action need not be stated with particularity, the plaintiff must give the defendant
health care provider fair notice of the allegedly negligent act and must identify the
time and place it occurred and the resulting harm. If the complaint affords the
defendant health care provider fair notice of these essential elements, the courts
should strive to find that the complaint includes the necessary detailed
specification and factual description of each act and omission alleged by plaintiff
to render the health care provider liable to plaintiff.
Mikkelsen v. Salama, 619 So. 2d 1382, 1384 (Ala. 1993) (internal quotation omitted).
Mikkelsen, the Alabama Supreme Court held that the plaintiff’s complaint had provided fair
notice of the medical malpractice claim because it outlined the allegedly negligent acts
performed by the defendant physician, the date and place of the negligent acts, and “sufficiently
alleged that the harm resulting from his negligent act was the accident made the basis of this
case, which, it alleged was the proximate or primary cause of the . . . injuries.” Id. at 1385.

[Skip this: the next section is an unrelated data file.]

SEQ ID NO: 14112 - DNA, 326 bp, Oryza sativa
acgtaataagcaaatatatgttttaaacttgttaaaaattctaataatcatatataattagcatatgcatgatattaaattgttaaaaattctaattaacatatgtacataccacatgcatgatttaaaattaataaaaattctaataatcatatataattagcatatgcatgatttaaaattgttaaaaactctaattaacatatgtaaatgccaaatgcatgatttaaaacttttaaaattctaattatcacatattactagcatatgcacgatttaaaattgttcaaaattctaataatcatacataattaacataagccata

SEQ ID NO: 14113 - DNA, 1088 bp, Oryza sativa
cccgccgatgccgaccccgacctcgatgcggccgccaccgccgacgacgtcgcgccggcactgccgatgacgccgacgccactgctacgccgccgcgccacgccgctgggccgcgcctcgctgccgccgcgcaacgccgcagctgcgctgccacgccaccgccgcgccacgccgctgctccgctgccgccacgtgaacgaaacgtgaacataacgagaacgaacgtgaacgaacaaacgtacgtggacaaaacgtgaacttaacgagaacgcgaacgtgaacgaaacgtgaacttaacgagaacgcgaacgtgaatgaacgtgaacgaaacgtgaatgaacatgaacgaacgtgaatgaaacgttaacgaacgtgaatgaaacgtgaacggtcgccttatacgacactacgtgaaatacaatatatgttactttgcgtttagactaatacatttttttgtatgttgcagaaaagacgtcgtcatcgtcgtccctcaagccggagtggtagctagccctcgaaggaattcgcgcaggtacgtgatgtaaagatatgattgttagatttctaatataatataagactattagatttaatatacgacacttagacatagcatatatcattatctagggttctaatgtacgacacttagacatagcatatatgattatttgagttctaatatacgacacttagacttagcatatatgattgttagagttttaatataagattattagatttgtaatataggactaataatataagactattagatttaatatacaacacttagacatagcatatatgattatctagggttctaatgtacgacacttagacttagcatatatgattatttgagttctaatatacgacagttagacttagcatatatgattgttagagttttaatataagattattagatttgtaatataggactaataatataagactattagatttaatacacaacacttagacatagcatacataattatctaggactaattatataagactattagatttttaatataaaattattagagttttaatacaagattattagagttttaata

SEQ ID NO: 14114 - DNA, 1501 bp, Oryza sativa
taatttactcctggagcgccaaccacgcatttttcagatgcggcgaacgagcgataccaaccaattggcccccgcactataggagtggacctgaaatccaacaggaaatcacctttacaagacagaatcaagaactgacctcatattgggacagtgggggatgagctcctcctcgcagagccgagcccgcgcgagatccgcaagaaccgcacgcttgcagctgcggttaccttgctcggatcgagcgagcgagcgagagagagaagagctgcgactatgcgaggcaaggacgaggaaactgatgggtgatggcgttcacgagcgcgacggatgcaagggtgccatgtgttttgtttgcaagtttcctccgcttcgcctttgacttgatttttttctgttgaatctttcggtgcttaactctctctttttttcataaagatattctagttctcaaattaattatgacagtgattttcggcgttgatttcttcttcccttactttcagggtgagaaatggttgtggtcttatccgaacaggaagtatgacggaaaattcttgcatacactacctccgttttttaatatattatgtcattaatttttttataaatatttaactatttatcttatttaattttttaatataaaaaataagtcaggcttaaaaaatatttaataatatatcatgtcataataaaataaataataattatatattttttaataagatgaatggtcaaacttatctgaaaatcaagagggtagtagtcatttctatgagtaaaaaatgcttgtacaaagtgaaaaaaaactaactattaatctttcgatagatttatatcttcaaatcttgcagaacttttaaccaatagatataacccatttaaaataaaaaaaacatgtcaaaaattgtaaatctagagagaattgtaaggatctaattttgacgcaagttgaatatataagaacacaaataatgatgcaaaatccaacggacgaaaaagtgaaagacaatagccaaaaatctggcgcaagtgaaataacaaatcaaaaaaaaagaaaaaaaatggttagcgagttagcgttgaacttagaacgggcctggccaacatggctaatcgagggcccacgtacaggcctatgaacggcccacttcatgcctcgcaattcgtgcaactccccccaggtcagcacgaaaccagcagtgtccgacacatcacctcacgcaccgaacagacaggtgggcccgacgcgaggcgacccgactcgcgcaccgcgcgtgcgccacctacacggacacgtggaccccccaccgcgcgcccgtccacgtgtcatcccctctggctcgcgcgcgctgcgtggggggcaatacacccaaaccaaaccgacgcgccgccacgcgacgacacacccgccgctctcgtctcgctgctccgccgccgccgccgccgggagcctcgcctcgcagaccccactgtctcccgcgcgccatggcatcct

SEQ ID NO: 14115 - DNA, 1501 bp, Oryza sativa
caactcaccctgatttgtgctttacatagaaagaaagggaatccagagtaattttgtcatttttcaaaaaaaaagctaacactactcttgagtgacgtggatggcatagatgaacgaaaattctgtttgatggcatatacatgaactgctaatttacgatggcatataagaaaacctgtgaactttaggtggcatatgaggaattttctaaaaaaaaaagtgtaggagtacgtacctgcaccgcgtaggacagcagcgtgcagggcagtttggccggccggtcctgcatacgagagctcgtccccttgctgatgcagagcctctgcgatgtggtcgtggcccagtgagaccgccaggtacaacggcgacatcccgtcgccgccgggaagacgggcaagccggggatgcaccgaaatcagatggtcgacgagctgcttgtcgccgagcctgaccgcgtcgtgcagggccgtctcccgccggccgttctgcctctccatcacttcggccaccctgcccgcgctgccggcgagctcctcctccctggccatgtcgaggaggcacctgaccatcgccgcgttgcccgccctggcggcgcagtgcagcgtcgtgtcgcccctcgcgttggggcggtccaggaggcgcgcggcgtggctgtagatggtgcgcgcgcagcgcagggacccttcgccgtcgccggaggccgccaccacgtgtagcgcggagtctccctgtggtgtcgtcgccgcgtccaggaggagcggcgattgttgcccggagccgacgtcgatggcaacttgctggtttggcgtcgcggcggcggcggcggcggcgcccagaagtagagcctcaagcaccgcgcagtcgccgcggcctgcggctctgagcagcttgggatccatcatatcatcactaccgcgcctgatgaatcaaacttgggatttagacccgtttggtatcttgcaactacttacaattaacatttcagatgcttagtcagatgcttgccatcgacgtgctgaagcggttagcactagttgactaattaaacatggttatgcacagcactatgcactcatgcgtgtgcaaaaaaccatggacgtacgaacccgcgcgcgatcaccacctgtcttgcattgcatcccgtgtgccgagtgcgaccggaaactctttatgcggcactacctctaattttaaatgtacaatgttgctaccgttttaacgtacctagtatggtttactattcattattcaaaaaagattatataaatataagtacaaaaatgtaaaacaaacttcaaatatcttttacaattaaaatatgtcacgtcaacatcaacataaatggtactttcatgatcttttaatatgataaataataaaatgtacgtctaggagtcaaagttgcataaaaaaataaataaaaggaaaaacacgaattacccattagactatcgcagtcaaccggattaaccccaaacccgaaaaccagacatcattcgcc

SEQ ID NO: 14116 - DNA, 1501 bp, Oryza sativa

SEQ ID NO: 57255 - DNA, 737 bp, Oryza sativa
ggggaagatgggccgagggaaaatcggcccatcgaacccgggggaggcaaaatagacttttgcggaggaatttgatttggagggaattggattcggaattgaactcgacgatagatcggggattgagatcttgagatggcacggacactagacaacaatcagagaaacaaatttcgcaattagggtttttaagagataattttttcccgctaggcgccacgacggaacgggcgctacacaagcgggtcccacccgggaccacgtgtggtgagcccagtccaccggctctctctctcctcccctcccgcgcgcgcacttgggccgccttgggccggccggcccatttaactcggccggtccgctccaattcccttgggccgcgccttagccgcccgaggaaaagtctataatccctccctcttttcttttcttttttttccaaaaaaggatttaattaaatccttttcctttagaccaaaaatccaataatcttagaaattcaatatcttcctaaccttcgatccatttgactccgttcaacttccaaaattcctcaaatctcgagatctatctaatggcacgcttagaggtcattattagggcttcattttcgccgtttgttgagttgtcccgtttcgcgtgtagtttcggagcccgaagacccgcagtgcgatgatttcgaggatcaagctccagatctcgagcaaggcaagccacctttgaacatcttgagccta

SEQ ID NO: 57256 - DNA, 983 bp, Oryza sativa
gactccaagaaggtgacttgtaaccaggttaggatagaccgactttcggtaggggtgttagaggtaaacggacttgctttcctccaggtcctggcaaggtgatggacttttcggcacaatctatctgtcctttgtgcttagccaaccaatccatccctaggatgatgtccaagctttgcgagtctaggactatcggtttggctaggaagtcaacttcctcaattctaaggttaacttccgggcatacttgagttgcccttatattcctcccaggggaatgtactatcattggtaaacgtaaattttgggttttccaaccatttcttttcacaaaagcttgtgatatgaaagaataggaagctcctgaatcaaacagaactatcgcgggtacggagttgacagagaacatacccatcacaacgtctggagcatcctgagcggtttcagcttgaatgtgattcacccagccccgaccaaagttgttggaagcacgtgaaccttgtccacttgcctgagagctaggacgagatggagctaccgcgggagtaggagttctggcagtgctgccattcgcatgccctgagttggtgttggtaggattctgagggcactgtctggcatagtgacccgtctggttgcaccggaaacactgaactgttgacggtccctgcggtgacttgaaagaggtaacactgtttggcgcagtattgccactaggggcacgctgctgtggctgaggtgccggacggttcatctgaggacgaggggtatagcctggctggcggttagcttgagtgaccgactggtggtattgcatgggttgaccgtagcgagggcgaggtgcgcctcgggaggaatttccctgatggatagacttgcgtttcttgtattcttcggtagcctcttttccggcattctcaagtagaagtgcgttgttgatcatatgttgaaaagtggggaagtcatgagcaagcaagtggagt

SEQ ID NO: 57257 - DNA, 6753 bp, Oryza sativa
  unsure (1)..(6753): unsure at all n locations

Plaintiff’s medical malpractice claim meets the pleading requirements of Section 6-5551. The Second Amended Complaint presents several distinct actions and omissions allegedly
committed by Dr. Skoog on March 2, 2014 and March 3, 2014. (Doc. # 33 at ¶ 85). Defendant
Skoog claims that the complaint’s allegations do not support a legal conclusion that he violated
the standard of care (see Doc. # 38, Memorandum Brief, at 15-16), but the standard of care owed
by a medical doctor is an issue of fact (proven through expert testimony), not an issue of law.
See, e.g., Giles v. Brookwood Health Servs., Inc., 5 So. 3d 533, 549 (Ala. 2008) (explaining that
a plaintiff must establish a physician’s breach of the standard of care through expert testimony
unless certain exceptions apply). Defendant also challenges Plaintiff’s failure to identify “any
standard of care that requires a prison physician to make multiple checks on a patient already
being monitored by a nurse” (Doc. # 38, Memorandum Brief, at 16), but a complaint cannot
establish a standard of care under Alabama law. The proper standard of care ordinarily must be
established by testimony from a “similarly situated health care provider.” Ala. Code § 6-5548(e); Holcomb v. Carraway, 945 So. 2d 1009, 1012 (Ala. 2006). Defendant’s argument
implies that Plaintiff must establish the relevant standard of care at the pleading stage. Such a
requirement, however, would obligate Plaintiff to present expert evidence from a medical